Considering I mention it so often in this blog, I feel like I need to talk a bit about foreign policy.  Interestingly enough, foreign policy was never an important issue to me until after the attacks of 9-11.  Who cares about other nations?  I thought.  Our own domestic policy was all that really mattered.  Sure, I didn’t support Clinton’s adventure in Bosnia, but my objection primarily stemmed from economic concerns.  As I studied more about the issue in college (at first rather reluctantly), I came to realize that how we conducted our affairs abroad had a tremendous impact on policies at home both in terms of security and our budget.  If we are supposedly a Judeo-Christian nation, shouldn’t we treat other nations and peoples as we ourselves would like to be treated?  Now don’t misunderstand, the primary objectives of our government are to secure the lives, liberty, and property of its citizens and so if another nation (or group) seeks to destroy our freedoms or our people, we must prevent them from doing so.  But, as John Quincy Adams reminds us, “Wherever the standard of freedom and Independence has been or shall be unfurled, there will her heart, her benedictions and her prayers be. But she goes not abroad, in search of monsters to destroy. She is the well-wisher to the freedom and independence of all. She is the champion and vindicator only of her own.”  Unfortunately, this seemingly simple time honored principle has gotten me in more trouble in Republican circles than any other.

These last eight years or so have been extremely depressing.  Why?  At the national level, how many government programs, department, and agencies have been eliminated?   Compare that number to how many new bureaucracies have been added.  It’s sad isn’t it, watching the government grow, our liberties shrink, and our constitution reduced to mere toilet paper?  So many politicians cry for change, but how many of them protect our rights, our borders, or the unborn?  So many are pathetic shills.  Until the Ron Paul campaign came along in 2007, I didn’t think politics would ever get better.  Suddenly Paul was a single drop of limited government conservativism in an indifferent ocean of status quo politicians.  He firmly stood for principle over party politics.  Most Republicans I knew shunned Paul and it wasn’t until after the campaign had concluded that they finally viewed the doctor in a positive light.  These days, with the rise of the tea party movement, I’m very hopeful that this new wave of activists will push both the Republican Party and the federal government toward the conservative principles that I have been advocating for a long time now.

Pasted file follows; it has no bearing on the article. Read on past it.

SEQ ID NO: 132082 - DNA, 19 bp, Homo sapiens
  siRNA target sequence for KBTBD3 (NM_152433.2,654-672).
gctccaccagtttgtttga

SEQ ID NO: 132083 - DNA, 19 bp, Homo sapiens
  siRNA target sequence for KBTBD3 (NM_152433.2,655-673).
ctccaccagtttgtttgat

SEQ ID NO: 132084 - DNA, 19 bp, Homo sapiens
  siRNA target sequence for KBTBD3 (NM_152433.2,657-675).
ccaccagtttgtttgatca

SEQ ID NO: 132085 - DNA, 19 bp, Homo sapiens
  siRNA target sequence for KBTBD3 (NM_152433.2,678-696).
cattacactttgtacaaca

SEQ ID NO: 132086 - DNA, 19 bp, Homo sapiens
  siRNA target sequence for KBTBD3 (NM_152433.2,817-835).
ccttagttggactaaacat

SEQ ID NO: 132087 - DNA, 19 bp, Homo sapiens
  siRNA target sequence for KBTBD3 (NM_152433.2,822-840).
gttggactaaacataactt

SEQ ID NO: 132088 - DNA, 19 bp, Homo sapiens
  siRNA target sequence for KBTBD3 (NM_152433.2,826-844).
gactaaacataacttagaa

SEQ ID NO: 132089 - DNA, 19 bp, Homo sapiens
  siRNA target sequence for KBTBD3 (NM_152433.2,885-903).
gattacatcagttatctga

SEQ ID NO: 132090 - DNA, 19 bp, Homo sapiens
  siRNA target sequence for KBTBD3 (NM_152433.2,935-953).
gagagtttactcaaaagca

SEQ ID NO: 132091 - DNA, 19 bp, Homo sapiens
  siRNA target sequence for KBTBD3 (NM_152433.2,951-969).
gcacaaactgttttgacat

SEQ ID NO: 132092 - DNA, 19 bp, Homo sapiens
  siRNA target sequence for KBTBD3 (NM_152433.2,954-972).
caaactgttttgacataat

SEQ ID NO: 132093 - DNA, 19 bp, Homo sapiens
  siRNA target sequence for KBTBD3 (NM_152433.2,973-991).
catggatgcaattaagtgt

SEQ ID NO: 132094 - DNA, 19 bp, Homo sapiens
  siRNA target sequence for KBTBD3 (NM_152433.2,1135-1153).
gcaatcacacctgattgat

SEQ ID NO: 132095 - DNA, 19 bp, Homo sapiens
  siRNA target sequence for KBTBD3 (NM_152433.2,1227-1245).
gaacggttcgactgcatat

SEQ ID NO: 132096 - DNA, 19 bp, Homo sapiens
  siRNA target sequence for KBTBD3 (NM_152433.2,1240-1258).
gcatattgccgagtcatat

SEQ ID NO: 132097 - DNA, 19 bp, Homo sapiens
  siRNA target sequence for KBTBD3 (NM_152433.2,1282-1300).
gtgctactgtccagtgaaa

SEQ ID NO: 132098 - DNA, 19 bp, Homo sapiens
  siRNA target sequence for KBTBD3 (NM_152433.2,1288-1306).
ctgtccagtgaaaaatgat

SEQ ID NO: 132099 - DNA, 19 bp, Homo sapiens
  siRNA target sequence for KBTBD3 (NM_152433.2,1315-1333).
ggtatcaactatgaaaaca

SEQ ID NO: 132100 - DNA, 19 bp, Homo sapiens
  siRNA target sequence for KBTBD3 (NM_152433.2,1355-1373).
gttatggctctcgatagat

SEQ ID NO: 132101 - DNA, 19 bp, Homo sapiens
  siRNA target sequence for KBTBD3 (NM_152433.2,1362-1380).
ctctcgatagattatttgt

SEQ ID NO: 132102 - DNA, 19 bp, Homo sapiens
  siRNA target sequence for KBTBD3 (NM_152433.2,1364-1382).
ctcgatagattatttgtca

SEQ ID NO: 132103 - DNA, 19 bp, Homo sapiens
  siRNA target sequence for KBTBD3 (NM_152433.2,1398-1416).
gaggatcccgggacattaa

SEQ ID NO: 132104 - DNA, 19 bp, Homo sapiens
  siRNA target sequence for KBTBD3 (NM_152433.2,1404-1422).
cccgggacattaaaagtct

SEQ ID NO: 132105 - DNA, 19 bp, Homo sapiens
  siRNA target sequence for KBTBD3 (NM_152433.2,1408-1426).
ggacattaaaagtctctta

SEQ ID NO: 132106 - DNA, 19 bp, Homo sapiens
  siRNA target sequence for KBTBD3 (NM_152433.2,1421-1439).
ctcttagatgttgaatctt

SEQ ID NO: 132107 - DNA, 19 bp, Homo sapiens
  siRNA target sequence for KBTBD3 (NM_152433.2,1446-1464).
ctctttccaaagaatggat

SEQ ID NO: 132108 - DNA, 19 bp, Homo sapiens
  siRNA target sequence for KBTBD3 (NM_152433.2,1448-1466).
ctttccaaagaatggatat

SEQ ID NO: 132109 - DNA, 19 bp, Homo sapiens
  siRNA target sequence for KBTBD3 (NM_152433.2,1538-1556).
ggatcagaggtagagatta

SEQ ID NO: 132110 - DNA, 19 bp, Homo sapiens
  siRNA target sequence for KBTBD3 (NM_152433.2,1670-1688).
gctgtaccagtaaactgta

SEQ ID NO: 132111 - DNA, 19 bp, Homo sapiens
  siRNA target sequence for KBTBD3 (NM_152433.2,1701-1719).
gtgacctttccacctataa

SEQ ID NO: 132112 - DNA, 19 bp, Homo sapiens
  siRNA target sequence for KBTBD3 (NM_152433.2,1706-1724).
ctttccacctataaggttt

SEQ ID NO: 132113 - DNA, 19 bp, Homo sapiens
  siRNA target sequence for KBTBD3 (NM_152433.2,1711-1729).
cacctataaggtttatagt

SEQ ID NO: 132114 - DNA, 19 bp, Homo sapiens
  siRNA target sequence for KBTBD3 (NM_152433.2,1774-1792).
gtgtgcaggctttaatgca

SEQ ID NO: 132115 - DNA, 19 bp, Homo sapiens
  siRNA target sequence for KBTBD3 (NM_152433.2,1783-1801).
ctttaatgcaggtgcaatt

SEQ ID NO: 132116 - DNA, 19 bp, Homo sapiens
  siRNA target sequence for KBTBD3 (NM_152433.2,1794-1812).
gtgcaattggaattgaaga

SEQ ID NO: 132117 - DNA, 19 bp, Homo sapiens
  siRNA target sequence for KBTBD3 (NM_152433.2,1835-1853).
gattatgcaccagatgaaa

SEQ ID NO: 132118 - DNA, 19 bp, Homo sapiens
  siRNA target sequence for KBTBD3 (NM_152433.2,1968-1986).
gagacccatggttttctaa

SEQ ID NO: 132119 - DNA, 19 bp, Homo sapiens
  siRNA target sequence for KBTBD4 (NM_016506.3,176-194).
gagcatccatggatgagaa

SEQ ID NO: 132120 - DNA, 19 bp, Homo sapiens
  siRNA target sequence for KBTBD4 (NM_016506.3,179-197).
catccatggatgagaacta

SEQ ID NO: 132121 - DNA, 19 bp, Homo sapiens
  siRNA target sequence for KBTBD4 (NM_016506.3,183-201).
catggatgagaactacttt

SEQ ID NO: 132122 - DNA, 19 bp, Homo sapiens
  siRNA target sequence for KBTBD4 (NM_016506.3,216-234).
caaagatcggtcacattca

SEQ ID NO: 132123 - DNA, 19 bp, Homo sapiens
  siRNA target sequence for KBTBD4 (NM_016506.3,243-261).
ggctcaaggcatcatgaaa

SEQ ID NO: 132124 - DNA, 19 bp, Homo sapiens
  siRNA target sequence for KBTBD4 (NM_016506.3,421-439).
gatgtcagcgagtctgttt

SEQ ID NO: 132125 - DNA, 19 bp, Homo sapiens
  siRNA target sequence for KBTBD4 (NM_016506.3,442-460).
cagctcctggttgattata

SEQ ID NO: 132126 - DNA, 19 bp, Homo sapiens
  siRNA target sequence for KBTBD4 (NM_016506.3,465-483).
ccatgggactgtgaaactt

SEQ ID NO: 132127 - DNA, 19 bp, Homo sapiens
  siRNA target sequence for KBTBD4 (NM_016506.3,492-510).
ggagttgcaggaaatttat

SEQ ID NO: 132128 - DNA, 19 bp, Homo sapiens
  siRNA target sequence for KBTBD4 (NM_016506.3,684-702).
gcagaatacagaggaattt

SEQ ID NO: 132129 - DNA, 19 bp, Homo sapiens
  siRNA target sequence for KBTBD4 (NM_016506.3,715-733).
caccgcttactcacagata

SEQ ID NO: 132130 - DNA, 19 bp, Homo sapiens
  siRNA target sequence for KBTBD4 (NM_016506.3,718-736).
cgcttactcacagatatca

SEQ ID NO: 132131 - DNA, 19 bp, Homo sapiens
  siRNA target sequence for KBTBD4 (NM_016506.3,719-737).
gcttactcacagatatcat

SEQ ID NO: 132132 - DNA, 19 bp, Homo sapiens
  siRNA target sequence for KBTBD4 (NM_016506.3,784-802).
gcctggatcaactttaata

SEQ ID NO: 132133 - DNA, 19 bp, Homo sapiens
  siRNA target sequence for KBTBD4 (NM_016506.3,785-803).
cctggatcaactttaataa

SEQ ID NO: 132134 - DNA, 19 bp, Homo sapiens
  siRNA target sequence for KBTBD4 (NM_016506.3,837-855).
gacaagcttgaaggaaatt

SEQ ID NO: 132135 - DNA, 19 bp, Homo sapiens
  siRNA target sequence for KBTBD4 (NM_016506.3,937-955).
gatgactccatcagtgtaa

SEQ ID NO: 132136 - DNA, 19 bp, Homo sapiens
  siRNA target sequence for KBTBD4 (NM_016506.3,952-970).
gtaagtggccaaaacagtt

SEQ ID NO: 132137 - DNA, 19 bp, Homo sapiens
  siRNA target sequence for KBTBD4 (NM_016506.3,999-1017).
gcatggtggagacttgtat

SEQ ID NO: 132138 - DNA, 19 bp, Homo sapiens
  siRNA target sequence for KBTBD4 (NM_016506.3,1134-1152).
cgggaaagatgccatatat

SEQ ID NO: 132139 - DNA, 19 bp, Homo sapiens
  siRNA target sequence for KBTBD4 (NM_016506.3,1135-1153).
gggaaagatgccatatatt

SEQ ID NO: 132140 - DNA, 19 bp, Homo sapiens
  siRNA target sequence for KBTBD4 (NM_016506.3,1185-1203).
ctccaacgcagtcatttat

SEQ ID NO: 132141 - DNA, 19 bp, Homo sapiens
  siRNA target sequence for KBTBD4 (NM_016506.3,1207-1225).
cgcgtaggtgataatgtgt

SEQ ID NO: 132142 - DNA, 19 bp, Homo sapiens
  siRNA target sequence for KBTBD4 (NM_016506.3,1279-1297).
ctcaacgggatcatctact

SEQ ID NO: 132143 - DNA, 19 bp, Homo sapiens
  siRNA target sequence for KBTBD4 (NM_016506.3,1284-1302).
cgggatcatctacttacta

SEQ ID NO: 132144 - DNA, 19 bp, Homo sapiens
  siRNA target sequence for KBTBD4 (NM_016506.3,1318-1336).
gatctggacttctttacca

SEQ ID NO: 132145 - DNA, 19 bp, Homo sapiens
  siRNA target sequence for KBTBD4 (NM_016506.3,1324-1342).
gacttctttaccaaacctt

Based upon these last years, what will the future hold?  Will taxes, regulations, and mandates from Washington further shackle the American public?  Will the states refuse to obey any more unconstitutional legislation?  Will a great leader emerge to restore the republic or conversely will he or she create a socialist paradise?  We should not look to others for the answers to these questions, but to ourselves.   Right now we have a lot of positive rhetoric and hope, but we need greater numbers and, more importantly, action.  Therefore, I ask you to join me.  Politically speaking, you may be an infant, a teenager like myself, or someone far more experienced, but really age doesn’t mater.  Only by working together can we enact meaningful change. We must not be silent.  We must not be complacent.  Recruit your family, your friends, your neighbors, and your coworkers.  Run for office, draft legislation, write your Congressman, volunteer in your local GOP, or join a Tea Party.  Getting back to the original point about my birthday, if you’re looking to get me the perfect gift, how about a little liberty?